He doffed his hat in salute, shared a nod with Marine Sergeant Bootheby and his elegantly turned out side-party, then turned to go… down those fresh-sanded and tarred boarding battens, gripping virgin-white new man-ropes strung through the battens' outer ends, so brightly served with ornate Turk's-Head knots and bound with colourful red spun-yarn trim. Then into the waiting barge and step aft to take a seat on a thwart near the tillerman, among all his chests, kegs, crated cabin furnishings, and canvas-bound goodies.
A matching barge stood nearby, idling "off-and-on" under oars in slack water, also piled high with possessions; a barge in which stood a young man in a Commander's uniform, his boat-cloak thrown back to show his epaulet. Glowering at Lewrie for taking so long, making him wait to claim his new ship; a grim "thanks for nothing, you bastard," grimace on his phyz for making his leave-taking too personal, poisoning his arrival in the afterglow of that intensely emotional farewell. A purse-mouthed, mean-lookin' "git," Lewrie thought, resenting the hell out of him for replacing him. For "stealing" Jester from him!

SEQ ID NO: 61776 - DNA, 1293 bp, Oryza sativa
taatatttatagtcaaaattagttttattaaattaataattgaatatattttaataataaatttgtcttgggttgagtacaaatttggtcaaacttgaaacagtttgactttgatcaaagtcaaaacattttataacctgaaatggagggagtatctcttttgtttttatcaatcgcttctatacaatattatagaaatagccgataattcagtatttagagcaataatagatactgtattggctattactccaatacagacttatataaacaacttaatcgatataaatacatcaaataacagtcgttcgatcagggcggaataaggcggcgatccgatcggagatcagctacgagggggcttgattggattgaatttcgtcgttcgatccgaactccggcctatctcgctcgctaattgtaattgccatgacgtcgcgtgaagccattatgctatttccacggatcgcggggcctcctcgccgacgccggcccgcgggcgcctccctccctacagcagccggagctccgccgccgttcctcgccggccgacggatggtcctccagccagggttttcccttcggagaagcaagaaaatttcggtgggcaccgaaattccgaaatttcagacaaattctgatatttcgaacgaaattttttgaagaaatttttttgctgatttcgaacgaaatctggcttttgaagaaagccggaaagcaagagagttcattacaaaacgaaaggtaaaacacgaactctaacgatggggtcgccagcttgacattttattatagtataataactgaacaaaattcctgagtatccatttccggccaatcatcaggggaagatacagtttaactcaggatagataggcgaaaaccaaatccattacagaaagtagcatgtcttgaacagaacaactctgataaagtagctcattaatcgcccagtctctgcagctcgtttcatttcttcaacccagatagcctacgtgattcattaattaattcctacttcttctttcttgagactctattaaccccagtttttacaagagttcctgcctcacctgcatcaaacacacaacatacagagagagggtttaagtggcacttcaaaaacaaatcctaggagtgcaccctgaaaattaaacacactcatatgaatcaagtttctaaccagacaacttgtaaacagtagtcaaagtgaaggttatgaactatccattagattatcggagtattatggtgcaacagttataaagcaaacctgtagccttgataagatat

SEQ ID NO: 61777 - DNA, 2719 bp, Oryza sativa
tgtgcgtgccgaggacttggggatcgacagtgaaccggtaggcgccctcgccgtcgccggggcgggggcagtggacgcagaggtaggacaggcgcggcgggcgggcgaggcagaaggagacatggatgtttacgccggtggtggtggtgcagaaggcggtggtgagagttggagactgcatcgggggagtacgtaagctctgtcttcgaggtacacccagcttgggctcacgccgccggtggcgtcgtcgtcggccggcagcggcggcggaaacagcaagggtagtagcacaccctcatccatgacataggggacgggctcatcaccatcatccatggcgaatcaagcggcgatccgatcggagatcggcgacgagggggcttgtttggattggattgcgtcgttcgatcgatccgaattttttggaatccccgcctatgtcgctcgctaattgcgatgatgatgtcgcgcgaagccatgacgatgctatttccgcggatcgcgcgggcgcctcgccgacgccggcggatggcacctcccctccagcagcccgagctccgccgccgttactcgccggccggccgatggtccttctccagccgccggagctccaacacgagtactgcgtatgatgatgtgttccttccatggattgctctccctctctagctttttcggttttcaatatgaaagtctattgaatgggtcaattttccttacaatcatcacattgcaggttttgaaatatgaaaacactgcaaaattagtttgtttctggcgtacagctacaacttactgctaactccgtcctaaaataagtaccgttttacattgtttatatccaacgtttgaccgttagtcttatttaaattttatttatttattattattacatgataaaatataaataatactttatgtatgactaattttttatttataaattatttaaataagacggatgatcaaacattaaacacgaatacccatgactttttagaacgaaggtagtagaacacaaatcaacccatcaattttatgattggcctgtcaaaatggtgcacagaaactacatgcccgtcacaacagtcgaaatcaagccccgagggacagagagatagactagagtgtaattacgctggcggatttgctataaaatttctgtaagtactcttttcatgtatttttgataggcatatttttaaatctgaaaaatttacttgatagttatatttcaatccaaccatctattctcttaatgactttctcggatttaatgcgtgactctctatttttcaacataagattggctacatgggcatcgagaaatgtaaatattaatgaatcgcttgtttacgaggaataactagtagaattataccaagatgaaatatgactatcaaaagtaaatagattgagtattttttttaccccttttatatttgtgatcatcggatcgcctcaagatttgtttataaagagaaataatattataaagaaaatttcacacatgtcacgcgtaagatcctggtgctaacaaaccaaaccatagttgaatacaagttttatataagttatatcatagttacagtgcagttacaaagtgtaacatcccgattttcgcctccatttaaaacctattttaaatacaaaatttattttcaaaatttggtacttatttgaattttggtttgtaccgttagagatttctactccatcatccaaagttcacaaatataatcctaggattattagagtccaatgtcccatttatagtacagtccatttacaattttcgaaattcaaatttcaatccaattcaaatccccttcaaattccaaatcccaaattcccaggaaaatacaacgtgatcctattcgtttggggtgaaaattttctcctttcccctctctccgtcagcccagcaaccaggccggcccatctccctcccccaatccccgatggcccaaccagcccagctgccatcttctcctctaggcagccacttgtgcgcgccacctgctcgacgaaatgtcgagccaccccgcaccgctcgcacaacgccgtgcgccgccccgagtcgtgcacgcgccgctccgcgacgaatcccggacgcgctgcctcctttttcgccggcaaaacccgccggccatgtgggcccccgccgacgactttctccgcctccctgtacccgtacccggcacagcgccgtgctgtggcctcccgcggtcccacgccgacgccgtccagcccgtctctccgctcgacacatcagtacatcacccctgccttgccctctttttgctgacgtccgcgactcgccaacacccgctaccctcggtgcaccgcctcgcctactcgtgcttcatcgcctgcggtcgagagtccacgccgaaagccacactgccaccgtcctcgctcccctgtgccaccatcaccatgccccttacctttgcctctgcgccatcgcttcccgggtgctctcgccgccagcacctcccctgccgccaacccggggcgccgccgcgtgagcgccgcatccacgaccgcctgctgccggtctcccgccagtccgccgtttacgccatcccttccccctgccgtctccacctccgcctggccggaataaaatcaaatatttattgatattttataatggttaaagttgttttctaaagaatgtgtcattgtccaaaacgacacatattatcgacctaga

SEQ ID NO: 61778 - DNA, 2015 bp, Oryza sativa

Were you smart, you d have waited 'til this evening after I was long gone, Lewrie glowered back just as stonily, as his Coxswain, Andrews, and his servant, Aspinall, clambered into the barge.
"Shove off then," Lewrie pronounced. And the new captain was stroking forward to take his barge's place below the entry-port in an eyeblink. As he drew close though, as they passed, Lewrie thought he saw the new man begin to beam in appreciation, his face turned upwards, bearing that ineffable look of a man gone "arse over tit" in love… that wide-eyed crinkle of joy that all sailors bestow upon only those loveliest of vessels. The new man, most likely less-senior, had the presence of mind to doff Lewrie a cautious salute with his hat before clawing eagerly at the man-ropes.
Eager to claim the hands, Lewrie smirked to himself; lay hold of 'em before the vultures from the dockyard did! With the new captain in his barge were a half-dozen seamen, just as eager to board her and continue their favouritism and seniority under their patron.